Federal Vaccine Mandate: Additional Info &
January 14, 2022
Below please find a Client Alert from Manatt regarding yesterday’s Supreme Court actions pertaining to the federal COVID-19 Vaccine Mandate and the OSHA Emergency Temporary Standard(ETS). Note the highlighted information including the fact that the Court continued the temporary ‘stay’ on the OSHA mandate.
Also, attached for your convenience please find the guidance documents issued by OASAS and OMH in November 2021 in response to our questions regarding which (if any) OASAS and OMH Programs and Services were impacted by the Biden federal mandate.
Note that yesterday the Supreme Court extended the temporary ‘stay’ on enforcement of the OSHA mandate. In doing so, the Court acknowledged that OSHA may have authority to regulate occupation-specific risks related to COVID-19, leaving the door open for OSHA to issue additional COVID-19-related regulations in the future.
Supreme Court Blocks Employer Vaccine-or-Test Mandate but Proceeds With Health Care Vaccine Mandate
Client Alert, Manatt
January 13, 2022
Today the Supreme Court issued a stay of OSHA’s vaccinate-or-test emergency temporary standard (ETS), blocking the ETS from taking effect. While the Court issued a stay of the ETS, it allowed the vaccine mandate for health care workers regulated by the Centers for Medicare & Medicaid Services (CMS) to take effect. The CMS vaccine policy that was issued in November 2021 requires workers in Medicare-/Medicaid-participating health care settings to receive COVID-19 vaccinations, with limited exceptions.
In granting a stay of the ETS, the Court found that those challenging the ETS are likely to succeed on the merits of their arguments—namely, that OSHA lacks authority to impose the mandate, which if upheld would have applied to more than 80 million workers across the country. The Court took particular issue with the ETS purporting to regulate what the majority views as “hazards of daily life” and “public health” issues, rather than dangers associated with the workplace.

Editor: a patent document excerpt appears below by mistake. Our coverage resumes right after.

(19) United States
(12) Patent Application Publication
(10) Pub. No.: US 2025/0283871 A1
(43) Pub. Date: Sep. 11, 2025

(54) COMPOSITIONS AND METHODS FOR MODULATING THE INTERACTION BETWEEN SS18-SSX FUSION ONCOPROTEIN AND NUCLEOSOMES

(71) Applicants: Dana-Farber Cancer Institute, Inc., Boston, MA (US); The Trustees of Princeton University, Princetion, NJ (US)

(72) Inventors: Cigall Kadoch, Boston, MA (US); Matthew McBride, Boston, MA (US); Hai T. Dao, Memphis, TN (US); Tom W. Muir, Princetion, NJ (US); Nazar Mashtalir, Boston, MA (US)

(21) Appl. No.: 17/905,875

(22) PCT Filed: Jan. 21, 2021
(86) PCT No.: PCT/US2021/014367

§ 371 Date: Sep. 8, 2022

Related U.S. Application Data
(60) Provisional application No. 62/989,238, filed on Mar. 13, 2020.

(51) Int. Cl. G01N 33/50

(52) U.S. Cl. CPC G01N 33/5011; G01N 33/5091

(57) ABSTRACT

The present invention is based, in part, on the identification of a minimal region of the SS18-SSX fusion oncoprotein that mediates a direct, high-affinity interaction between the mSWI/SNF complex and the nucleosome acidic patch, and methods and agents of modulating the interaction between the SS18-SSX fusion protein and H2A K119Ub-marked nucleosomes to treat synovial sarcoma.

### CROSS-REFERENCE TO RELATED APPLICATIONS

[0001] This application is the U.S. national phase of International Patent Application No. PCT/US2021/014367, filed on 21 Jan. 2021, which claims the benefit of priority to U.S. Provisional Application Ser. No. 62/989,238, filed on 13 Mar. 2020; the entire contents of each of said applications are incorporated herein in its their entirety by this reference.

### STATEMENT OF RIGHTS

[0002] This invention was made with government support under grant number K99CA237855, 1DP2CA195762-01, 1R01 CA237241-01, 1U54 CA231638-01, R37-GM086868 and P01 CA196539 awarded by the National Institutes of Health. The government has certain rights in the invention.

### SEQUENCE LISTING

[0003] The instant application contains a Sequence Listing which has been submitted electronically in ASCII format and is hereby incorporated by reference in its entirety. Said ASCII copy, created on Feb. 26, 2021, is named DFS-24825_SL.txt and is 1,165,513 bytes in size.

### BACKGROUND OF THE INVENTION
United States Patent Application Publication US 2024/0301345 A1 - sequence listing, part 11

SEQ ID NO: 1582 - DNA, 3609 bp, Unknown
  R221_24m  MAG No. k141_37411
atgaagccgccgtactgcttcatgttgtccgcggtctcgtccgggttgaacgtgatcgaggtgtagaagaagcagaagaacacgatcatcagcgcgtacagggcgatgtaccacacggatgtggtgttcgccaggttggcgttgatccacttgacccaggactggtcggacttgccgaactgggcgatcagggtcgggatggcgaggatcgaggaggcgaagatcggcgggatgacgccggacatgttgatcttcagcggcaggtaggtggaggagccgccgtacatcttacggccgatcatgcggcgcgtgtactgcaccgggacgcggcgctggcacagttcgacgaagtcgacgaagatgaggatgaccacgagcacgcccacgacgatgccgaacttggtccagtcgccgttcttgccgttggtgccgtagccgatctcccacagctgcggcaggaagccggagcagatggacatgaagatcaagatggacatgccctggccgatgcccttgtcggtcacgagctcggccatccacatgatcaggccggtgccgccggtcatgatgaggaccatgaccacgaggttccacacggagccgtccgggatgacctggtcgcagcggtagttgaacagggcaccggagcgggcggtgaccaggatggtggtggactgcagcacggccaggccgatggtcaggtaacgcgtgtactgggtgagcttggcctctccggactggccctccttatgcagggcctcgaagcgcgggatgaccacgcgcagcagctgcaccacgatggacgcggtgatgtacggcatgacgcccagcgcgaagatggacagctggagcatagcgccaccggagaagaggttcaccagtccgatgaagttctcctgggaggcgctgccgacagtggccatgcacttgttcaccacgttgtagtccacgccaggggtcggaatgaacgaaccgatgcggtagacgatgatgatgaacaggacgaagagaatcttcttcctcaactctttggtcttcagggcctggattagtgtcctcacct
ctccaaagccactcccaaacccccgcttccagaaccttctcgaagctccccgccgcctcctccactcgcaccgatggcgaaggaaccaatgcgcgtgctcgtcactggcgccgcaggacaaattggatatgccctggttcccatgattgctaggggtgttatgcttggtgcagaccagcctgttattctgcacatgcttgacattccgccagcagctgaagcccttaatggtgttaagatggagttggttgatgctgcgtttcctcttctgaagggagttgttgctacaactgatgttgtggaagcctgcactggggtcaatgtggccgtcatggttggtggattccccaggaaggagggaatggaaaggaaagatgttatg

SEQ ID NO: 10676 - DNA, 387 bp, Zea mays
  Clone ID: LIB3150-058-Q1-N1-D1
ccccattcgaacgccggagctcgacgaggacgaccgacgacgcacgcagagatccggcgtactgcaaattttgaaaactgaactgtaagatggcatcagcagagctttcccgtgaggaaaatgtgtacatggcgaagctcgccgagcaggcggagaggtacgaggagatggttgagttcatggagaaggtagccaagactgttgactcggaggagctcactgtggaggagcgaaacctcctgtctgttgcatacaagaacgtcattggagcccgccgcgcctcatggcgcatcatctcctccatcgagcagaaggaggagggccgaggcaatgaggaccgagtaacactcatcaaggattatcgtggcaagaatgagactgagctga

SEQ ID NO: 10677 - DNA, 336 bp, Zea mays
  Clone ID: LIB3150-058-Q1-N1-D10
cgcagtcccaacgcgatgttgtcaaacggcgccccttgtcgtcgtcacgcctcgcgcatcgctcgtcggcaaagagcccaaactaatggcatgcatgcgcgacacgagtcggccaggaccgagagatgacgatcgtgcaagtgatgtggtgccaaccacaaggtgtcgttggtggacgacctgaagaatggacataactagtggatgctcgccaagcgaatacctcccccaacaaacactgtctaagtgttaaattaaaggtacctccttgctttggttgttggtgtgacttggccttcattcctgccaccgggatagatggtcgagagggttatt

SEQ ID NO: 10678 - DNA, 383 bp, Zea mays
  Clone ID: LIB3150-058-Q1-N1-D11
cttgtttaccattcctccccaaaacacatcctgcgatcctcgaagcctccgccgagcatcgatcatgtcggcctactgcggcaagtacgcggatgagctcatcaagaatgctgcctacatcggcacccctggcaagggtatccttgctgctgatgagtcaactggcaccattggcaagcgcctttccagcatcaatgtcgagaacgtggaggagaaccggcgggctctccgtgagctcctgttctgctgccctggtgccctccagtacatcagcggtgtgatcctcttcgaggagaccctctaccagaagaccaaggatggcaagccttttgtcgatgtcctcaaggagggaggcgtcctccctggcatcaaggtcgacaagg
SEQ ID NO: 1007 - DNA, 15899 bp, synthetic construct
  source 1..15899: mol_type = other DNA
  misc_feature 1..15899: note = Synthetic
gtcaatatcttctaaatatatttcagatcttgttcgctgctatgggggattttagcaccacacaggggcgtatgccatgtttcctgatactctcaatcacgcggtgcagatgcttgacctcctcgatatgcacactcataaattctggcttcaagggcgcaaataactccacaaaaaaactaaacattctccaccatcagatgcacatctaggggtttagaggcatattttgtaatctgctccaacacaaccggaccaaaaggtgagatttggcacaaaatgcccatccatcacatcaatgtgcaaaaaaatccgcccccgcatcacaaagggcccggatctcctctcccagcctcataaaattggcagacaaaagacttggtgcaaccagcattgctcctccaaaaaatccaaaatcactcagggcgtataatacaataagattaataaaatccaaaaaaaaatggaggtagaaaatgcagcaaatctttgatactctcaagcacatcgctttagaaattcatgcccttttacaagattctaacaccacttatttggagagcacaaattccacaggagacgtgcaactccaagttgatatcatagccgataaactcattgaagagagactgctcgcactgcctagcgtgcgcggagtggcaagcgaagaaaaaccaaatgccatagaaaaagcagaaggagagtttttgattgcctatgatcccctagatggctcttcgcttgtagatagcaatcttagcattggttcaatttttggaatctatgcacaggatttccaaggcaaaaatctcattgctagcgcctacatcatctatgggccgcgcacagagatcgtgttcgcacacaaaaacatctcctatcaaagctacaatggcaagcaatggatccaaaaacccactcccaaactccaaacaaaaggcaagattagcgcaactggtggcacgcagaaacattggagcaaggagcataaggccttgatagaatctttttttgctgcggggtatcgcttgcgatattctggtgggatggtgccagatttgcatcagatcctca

The Court did, however, acknowledge that OSHA may have authority to regulate occupation-specific risks related to COVID-19, leaving the door open for OSHA to issue additional COVID-19-related regulations in the future.
Three justices dissented (Elena Kagan, Sonia Sotomayor and Stephen Breyer).
To be clear, the Court’s decision today is not a final ruling on the merits of the ETS. The Court granted the application to stay enforcement of the ETS pending disposition of the petitions for review in the U.S. Court of Appeals for the Sixth Circuit and any petitions for writs of certiorari. However, the issuance of a stay is a telling indicator of the Court’s likely view of the merits, and it appears unlikely that the ETS will ultimately stand.
Based on today’s ruling, large employers are currently relieved of the federal obligation to ensure that their workers are vaccinated or tested weekly before entering the workplace. Now that the ETS is off the table, state and local governments may step in with their own mandates.
Manatt is closely monitoring developments related to COVID-19 vaccination, testing and face-covering requirements and will continue to provide information and insights as they become available.